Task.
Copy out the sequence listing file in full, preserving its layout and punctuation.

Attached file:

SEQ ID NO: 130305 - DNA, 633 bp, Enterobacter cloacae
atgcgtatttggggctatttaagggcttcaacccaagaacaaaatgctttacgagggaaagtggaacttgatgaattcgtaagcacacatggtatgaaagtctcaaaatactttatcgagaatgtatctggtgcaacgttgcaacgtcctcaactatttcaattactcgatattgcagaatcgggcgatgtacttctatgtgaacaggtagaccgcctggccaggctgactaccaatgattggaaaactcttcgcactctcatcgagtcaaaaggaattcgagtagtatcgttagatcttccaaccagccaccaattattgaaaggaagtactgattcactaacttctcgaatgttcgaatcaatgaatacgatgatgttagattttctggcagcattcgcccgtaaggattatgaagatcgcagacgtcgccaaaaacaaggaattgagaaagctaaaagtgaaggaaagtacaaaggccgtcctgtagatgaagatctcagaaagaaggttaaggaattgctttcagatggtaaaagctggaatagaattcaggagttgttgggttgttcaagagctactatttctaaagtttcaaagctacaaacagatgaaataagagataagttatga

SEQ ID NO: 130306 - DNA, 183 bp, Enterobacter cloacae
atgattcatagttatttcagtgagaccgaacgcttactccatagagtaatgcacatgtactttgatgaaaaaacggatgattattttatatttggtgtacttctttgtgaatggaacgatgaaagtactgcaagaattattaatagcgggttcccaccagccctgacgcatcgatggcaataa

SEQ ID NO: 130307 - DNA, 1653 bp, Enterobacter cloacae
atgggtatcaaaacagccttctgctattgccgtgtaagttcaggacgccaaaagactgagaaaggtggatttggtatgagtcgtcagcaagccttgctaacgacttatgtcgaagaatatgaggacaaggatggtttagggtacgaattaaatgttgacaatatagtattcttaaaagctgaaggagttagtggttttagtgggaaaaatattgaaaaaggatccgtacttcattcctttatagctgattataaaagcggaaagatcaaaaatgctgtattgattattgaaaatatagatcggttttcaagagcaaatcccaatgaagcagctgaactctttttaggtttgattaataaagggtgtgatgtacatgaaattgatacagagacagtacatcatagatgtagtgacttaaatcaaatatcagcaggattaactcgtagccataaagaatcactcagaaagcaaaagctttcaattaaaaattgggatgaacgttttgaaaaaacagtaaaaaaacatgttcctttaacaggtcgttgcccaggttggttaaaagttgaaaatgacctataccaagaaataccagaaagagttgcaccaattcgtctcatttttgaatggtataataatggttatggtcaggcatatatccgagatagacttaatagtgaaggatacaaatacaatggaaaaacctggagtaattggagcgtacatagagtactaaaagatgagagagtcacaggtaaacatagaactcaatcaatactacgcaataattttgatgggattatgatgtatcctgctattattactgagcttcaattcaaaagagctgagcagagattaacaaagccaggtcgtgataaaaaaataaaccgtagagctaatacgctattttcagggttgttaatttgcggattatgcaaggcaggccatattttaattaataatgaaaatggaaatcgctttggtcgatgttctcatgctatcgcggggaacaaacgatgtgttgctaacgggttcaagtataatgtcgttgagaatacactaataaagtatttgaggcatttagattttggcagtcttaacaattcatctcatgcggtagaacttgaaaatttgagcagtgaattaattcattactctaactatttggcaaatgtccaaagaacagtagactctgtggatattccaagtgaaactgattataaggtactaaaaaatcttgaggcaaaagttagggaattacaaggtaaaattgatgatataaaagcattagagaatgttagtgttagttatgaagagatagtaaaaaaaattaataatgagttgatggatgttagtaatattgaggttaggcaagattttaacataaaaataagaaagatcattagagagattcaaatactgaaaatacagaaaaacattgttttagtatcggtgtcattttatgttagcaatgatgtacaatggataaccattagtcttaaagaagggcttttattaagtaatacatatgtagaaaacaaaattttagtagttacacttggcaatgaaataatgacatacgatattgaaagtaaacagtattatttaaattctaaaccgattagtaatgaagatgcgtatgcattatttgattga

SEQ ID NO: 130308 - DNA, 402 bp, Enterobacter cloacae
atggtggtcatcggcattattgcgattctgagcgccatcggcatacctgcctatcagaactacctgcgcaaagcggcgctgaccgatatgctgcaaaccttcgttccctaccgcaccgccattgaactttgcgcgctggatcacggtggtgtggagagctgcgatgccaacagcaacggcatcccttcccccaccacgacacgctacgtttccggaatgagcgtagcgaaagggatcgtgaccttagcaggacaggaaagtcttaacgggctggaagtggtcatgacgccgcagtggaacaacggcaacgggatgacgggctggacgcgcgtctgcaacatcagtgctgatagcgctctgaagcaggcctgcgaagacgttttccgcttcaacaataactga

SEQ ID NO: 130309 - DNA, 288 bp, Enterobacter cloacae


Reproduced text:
SEQ ID NO: 130305 - DNA, 633 bp, Enterobacter cloacae
atgcgtatttggggctatttaagggcttcaacccaagaacaaaatgctttacgagggaaagtggaacttgatgaattcgtaagcacacatggtatgaaagtctcaaaatactttatcgagaatgtatctggtgcaacgttgcaacgtcctcaactatttcaattactcgatattgcagaatcgggcgatgtacttctatgtgaacaggtagaccgcctggccaggctgactaccaatgattggaaaactcttcgcactctcatcgagtcaaaaggaattcgagtagtatcgttagatcttccaaccagccaccaattattgaaaggaagtactgattcactaacttctcgaatgttcgaatcaatgaatacgatgatgttagattttctggcagcattcgcccgtaaggattatgaagatcgcagacgtcgccaaaaacaaggaattgagaaagctaaaagtgaaggaaagtacaaaggccgtcctgtagatgaagatctcagaaagaaggttaaggaattgctttcagatggtaaaagctggaatagaattcaggagttgttgggttgttcaagagctactatttctaaagtttcaaagctacaaacagatgaaataagagataagttatga

SEQ ID NO: 130306 - DNA, 183 bp, Enterobacter cloacae
atgattcatagttatttcagtgagaccgaacgcttactccatagagtaatgcacatgtactttgatgaaaaaacggatgattattttatatttggtgtacttctttgtgaatggaacgatgaaagtactgcaagaattattaatagcgggttcccaccagccctgacgcatcgatggcaataa

SEQ ID NO: 130307 - DNA, 1653 bp, Enterobacter cloacae
atgggtatcaaaacagccttctgctattgccgtgtaagttcaggacgccaaaagactgagaaaggtggatttggtatgagtcgtcagcaagccttgctaacgacttatgtcgaagaatatgaggacaaggatggtttagggtacgaattaaatgttgacaatatagtattcttaaaagctgaaggagttagtggttttagtgggaaaaatattgaaaaaggatccgtacttcattcctttatagctgattataaaagcggaaagatcaaaaatgctgtattgattattgaaaatatagatcggttttcaagagcaaatcccaatgaagcagctgaactctttttaggtttgattaataaagggtgtgatgtacatgaaattgatacagagacagtacatcatagatgtagtgacttaaatcaaatatcagcaggattaactcgtagccataaagaatcactcagaaagcaaaagctttcaattaaaaattgggatgaacgttttgaaaaaacagtaaaaaaacatgttcctttaacaggtcgttgcccaggttggttaaaagttgaaaatgacctataccaagaaataccagaaagagttgcaccaattcgtctcatttttgaatggtataataatggttatggtcaggcatatatccgagatagacttaatagtgaaggatacaaatacaatggaaaaacctggagtaattggagcgtacatagagtactaaaagatgagagagtcacaggtaaacatagaactcaatcaatactacgcaataattttgatgggattatgatgtatcctgctattattactgagcttcaattcaaaagagctgagcagagattaacaaagccaggtcgtgataaaaaaataaaccgtagagctaatacgctattttcagggttgttaatttgcggattatgcaaggcaggccatattttaattaataatgaaaatggaaatcgctttggtcgatgttctcatgctatcgcggggaacaaacgatgtgttgctaacgggttcaagtataatgtcgttgagaatacactaataaagtatttgaggcatttagattttggcagtcttaacaattcatctcatgcggtagaacttgaaaatttgagcagtgaattaattcattactctaactatttggcaaatgtccaaagaacagtagactctgtggatattccaagtgaaactgattataaggtactaaaaaatcttgaggcaaaagttagggaattacaaggtaaaattgatgatataaaagcattagagaatgttagtgttagttatgaagagatagtaaaaaaaattaataatgagttgatggatgttagtaatattgaggttaggcaagattttaacataaaaataagaaagatcattagagagattcaaatactgaaaatacagaaaaacattgttttagtatcggtgtcattttatgttagcaatgatgtacaatggataaccattagtcttaaagaagggcttttattaagtaatacatatgtagaaaacaaaattttagtagttacacttggcaatgaaataatgacatacgatattgaaagtaaacagtattatttaaattctaaaccgattagtaatgaagatgcgtatgcattatttgattga

SEQ ID NO: 130308 - DNA, 402 bp, Enterobacter cloacae
atggtggtcatcggcattattgcgattctgagcgccatcggcatacctgcctatcagaactacctgcgcaaagcggcgctgaccgatatgctgcaaaccttcgttccctaccgcaccgccattgaactttgcgcgctggatcacggtggtgtggagagctgcgatgccaacagcaacggcatcccttcccccaccacgacacgctacgtttccggaatgagcgtagcgaaagggatcgtgaccttagcaggacaggaaagtcttaacgggctggaagtggtcatgacgccgcagtggaacaacggcaacgggatgacgggctggacgcgcgtctgcaacatcagtgctgatagcgctctgaagcaggcctgcgaagacgttttccgcttcaacaataactga

SEQ ID NO: 130309 - DNA, 288 bp, Enterobacter cloacae